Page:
-         - The absolute randomness of the podium. On WhoWins, 172 podium predictions were made for Thursday’s race. One person picked Tim Tscharnke, and they only thought he could come 5th. A mere two people thought Tobi Angerer could get a medal. Fifth place finisher Giorgio di Centa? Two people thought he would crack the top 5. As for the Norwegians, 87% of people picked Eldar Roenning and Johnsrud Sundby to at least place 5th, and they ended up 12th and DNF respectively.  On the women’s side, Anne Kylloeenen won her first-ever medal. Meanwhile Maiken Caspersen-Falla out-dueled sprint superstar Kikkan Randall (sorry Americans) as well as proved herself the best in the strong Norwegian quartet of Vibeke Skofterud, Ingvild Oestberg, and Kristin Stoermer Steira (who shattered everyone’s predictions by coming 7th rather than her usual 4th)

To paraphrase one of my favourite writers, if the mass-start 50 km is a game of chess, then the mass-start 15 km is strip poker.  No one wants to watch 40 guys ski in a tight pack for 2 hrs (or 49 km) and then see it determined by a 30 second sprint. I might as well go watch an over-distance workout over my Junior ski team.

No, what I want is the unexpected. The surprising. The epic, dare I say it. The kind of action that makes you hate the commercial breaks, lean forward in your chair, and wear an adult diaper lest you miss a move on a pee break. And for me, nothing does it better than the 10/15 km classic mass start.

Coming up shortly – my predictions for tomorrow’s sprint, and a review of the weekend of World Cuppage Quebec. (Hint – I don’t get nearly as orgasmic as my American co-bloggers.)

Friday, December 7, 2012


In a word: WOW. I thought Kikkan would do well in the team sprint, but I wasn't sure that her teammate - Diggins, as it turned out - would be hot enough to bring the U.S. team in first.

I was wrong. Kikkan is that good, and Diggins is not just good enough, but awfully good.

Unfortunately, the Canadian men couldn't quite put together a complete race, and finished off the home-snow podium. Which is a bummer, except that there's more racing! I expect Kershaw to show up in a big way.

My NorAm-centric picks at XC Predictions:

Thursday, December 6, 2012

Quebec Gold - And World Cup Storylines!

Just like my co-bloggers, the NCP-Canadian connection has been quiet over the last few months. Personally, I spent the summer getting promoted (whoo-hoo!), dusting Fasterskier staffer Nat Herz in rollerski intervals, and hanging out in Canmore secretly videoing Devon Kershaw doing everything so I can sell his secrets to the Russians.
But back to the show. This week, the World Cup comes to Canada – and due to the fact that I’m Canadian and into skiing, it's going to be pretty exciting. And that's the understatement of the season.

Although let's clarify something, the World Cup is in fact in Quebec, not just in Canada. That means mountains of support for Alex 'Quebec Gold' Harvey, including screaming young girls. He's like the Beatles, One Direction, and The Backstreet Boys of cross country skiing. It means old buildings, the National Assembly (not to be confused with the Parliament Buildings, which are in Ottawa, the capital of the country), cannons, and enthusiastic Frenchmen. It means poutine, beer, and maple syrup. If nothing else, the Quebecers will put on a show!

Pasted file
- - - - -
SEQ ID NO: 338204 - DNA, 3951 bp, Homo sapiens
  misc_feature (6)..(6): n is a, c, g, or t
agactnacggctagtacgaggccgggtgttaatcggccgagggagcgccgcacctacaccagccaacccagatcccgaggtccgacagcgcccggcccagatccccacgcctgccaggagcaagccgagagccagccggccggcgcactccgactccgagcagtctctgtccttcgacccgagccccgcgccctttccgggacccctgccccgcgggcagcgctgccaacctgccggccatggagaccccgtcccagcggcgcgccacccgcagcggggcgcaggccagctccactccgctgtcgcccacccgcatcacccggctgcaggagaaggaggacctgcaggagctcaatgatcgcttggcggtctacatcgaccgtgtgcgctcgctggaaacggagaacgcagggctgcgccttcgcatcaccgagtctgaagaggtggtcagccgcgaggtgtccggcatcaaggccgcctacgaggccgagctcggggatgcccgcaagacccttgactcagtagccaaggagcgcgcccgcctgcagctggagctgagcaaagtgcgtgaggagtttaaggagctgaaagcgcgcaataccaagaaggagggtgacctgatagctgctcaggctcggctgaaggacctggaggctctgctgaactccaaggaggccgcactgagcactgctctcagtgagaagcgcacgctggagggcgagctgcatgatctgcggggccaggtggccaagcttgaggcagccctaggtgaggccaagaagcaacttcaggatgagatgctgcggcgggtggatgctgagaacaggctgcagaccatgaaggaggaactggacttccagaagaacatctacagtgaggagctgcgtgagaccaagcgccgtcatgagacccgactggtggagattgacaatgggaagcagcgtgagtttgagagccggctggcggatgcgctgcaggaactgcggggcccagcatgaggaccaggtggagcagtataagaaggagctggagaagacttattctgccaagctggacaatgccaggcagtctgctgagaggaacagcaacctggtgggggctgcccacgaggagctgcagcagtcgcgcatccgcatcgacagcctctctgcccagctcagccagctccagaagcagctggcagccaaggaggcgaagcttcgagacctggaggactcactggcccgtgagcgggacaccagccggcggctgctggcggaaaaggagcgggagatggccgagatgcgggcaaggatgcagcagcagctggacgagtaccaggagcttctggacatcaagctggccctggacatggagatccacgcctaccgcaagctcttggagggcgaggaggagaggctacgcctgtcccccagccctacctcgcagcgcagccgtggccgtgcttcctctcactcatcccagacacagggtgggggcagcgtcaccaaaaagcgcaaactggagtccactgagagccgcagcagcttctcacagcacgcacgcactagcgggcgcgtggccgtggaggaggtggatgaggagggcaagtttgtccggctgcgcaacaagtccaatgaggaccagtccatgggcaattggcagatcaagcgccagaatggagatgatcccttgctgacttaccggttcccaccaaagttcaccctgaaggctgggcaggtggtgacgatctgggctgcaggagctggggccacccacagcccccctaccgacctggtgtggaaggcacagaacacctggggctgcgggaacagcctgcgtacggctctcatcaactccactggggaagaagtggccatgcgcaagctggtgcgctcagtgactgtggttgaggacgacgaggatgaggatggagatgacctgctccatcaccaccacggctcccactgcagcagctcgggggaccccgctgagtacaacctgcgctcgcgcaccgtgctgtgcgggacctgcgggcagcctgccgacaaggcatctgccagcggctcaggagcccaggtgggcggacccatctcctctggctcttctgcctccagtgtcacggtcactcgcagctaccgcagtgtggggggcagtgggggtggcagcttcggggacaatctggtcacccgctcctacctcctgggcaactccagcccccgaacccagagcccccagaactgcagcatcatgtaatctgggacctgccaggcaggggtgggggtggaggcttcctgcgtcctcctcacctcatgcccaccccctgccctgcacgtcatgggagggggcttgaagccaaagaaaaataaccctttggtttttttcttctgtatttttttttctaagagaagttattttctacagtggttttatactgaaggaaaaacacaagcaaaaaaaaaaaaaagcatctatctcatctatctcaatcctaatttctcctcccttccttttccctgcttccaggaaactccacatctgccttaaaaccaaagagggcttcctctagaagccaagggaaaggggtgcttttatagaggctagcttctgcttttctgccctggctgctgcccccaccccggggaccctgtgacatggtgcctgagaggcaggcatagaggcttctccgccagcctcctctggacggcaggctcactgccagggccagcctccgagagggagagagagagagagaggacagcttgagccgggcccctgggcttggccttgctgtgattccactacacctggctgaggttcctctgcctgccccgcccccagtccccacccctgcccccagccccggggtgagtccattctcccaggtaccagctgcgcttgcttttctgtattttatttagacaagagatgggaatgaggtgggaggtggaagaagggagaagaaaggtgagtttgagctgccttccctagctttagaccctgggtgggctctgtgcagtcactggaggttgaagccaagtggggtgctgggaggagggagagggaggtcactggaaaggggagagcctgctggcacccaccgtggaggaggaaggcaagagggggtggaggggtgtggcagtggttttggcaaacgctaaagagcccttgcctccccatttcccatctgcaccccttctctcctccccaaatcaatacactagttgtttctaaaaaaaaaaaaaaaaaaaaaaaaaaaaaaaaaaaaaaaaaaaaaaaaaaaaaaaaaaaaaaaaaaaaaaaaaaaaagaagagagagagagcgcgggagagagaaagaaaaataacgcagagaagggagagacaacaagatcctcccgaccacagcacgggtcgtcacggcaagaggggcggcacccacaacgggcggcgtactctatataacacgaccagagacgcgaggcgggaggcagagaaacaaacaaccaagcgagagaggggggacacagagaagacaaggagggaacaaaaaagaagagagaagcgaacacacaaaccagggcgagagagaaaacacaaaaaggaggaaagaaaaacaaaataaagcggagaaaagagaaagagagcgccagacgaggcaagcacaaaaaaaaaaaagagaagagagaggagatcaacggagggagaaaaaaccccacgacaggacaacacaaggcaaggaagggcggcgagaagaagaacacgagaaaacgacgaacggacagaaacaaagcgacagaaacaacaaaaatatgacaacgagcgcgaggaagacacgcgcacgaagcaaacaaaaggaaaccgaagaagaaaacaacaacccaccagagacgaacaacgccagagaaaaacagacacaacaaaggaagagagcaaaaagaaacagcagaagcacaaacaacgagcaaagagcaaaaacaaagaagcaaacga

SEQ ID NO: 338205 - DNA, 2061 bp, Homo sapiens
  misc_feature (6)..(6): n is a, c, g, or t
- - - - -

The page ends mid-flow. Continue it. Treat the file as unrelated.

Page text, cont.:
Also I would like it noted that I called the Quebec World Cup years ago. A buddy of mine and I were on a trip to the East Coast, and we stopped for a tour of 'Le Veuille Quebec'. After poking around some old buildings, stirring up classic English-French rivalries, and exposing ourselves as terrible uni-lingual Canadians, we settled down for a pint along 'La Grande Allee' just down from the Assembly. Being mostly obsessed with cross country skiing, it took us about 10 seconds to decide that covering the streets with snow and watching Alex Harvey shred Emil Joeenson and Alexei Petukhov needed to happen. Four years later - BAM! - no thanks to us, we get our wish!

Now, despite the fact the World Cup season is already two race weekends in, just like my co-blogger, I have some serious storylines that I am interested in seeing develop.

11. Will the Germans be half decent? Last year they skied like a pile of sick, with the exception of one prologue during the Tour de Ski. As a nation, they seem to be taking a beating in the cross country arena, but will they reverse the decline? (In a word, no. Not even close.)
22. Kikkan Randall. Last years’ Sprint Cup winner, and distance skiing improving dramatically all the way. Late-fall injury dampened expectations, only to have her explode out for two distance podiums in the first two weekends. The one big question - can she put it together for a major event or championships? (Yes. I’m looking at the Tour de Ski.)
33. The Swiss sprint team, featuring Eligius Tambornino and Laurien Van Der Graaf, among others, took a huge step forward last year, especially in the first half of the season. Anything that rocks the Sweden-Norway-Russia stranglehold on sprints is great, but can they continue to rise? (Yes. Especially Van Der Graaf.)
44. Canadian World Cups – will the turnout from Euros be any good? (No. Except for Emil Joensson.)
55. Will the women’s World Cup become something other than a two-horse (Bjoergen and Kowalczyk) showdown? (Yes. But no. Bjoergen will still be unstoppable, but the competition for 2nd-6th will be that much more difficult. Johaug vs. Randall vs. Kalla vs. Kowalczyk?)